Shkodran Mustafi says he won’t think about his contract situation at Arsenal until football returns even though his future at the club is hanging in the balance.
The German is due to enter the final year of his current deal in June but with football on hold due to the coronavirus pandemic and the sport’s governing bodies frantically trying to understand the legal implications of an extended season, he admits it’s not exactly a high priority right now.
Mustafi was told last summer that he was free to leave the club but he’s enjoyed something of a renaissance since Christmas with Mikel Arteta returning him to the starting lineup.
In an interview with Sky Germany this week, he said: “We are in a situation where everyone is worried about the current situation and not so much about their personal future.
“It is difficult to think about my personal future. None of us know what will happen next and when we can play again.
“So, once we have overcome this difficult time and are back on the pitch, I can think about questions like that. At the moment, I don’t think about it.
“Also the club has more important stuff to deal with right now than my future.”
The Premier League is currently on hold until 30 April but it’s expected that will be pushed back even further.
The Premier League, EFL and Players’ Football Association met yesterday before releasing a statement that stressed ‘difficult decisions’ will need to be made ‘to mitigate the economic impact of the current suspension of professional football.’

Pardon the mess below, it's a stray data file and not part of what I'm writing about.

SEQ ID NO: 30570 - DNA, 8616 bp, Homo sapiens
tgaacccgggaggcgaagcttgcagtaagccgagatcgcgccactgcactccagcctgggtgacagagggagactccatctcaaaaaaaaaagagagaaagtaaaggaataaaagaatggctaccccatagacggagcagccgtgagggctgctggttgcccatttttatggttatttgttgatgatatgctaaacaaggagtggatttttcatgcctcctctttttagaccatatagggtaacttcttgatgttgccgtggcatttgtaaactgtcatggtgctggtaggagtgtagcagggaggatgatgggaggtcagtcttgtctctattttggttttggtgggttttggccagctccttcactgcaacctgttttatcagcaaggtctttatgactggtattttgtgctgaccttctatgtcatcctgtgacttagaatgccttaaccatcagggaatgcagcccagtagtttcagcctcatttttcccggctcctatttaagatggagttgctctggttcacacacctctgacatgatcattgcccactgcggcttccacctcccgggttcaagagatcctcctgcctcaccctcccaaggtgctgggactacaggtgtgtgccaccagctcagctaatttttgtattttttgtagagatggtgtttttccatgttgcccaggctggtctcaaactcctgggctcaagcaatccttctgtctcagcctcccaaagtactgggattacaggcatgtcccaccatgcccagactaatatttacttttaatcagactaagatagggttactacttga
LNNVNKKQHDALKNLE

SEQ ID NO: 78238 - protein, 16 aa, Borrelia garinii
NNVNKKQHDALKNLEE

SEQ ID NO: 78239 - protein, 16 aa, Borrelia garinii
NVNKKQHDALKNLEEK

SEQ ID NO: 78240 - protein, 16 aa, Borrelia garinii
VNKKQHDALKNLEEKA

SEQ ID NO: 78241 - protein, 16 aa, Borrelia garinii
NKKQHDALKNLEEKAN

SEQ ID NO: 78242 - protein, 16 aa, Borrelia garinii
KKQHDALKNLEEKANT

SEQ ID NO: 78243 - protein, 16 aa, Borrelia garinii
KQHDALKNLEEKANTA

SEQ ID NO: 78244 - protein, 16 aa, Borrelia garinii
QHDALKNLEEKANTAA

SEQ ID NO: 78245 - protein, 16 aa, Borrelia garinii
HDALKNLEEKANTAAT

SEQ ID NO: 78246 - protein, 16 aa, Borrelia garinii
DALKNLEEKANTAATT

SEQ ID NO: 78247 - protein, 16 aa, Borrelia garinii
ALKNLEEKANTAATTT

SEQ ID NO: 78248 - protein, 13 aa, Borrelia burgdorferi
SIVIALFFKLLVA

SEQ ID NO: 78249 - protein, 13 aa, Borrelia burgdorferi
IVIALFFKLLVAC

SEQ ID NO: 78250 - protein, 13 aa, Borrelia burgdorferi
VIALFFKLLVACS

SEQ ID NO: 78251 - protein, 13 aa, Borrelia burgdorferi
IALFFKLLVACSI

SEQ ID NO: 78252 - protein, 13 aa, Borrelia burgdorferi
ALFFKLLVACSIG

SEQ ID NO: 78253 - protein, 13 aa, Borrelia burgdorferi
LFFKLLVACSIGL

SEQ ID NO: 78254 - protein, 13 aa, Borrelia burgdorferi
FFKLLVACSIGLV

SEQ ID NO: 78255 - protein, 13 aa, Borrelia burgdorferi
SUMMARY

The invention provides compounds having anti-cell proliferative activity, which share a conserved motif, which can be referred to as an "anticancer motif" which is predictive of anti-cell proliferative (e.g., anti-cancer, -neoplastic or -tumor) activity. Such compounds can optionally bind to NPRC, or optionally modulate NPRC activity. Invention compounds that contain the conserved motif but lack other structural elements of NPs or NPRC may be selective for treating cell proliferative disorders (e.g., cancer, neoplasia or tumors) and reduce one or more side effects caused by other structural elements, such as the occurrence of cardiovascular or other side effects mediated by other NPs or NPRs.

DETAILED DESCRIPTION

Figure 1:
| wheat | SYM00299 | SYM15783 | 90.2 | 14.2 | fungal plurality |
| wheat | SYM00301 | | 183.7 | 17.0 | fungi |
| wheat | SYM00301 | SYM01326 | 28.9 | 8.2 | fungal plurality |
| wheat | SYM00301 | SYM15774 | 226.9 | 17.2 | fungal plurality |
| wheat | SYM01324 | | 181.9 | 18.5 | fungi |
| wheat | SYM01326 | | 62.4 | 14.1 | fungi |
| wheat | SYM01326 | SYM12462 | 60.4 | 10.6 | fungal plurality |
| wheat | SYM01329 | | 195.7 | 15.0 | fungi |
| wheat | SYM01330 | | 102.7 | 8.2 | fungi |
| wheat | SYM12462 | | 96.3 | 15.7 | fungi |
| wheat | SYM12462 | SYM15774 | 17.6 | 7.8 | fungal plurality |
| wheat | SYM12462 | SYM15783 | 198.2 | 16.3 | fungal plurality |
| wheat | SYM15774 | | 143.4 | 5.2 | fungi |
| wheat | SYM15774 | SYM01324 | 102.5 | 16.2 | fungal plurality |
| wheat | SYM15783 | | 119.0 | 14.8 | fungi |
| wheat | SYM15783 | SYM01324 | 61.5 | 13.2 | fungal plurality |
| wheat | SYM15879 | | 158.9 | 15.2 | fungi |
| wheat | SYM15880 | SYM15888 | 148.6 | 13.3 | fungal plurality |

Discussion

The Times (£) says it’s only a matter of time before Premier League clubs ask players to take pay cuts.
Players at German sides Borussia Dortmund and Bayern Munich have already accepted cuts, while the Financial Times reports that at least ten of the world’s 12 highest-earning clubs in Europe will push their stars to do the same.
They also relay a claim by consultancy firm KPMG that predicts Europe’s ‘big five’ leagues stand to lose €4 billion if the current competitions are not completed. That takes into account cash lost from matchday, broadcasting and sponsorship revenue.
Taking that figure into account, you can start to understand why the biggest clubs are so desperate for the 2020/21 campaign to be completed.
Manchester United, knowing full well that bitter rivals Liverpool will win their first top flight title in 30 years, released a statement last night clarifying their stance.
“The club fully supports the collective intent to complete the Premier League, Emirates FA Cup and the UEFA club competitions,” they wrote.
They also went public on contingency plans for rebating season ticket holders should the rest of the season be played behind closed doors. We expect other clubs, including Arsenal, will do the same soon.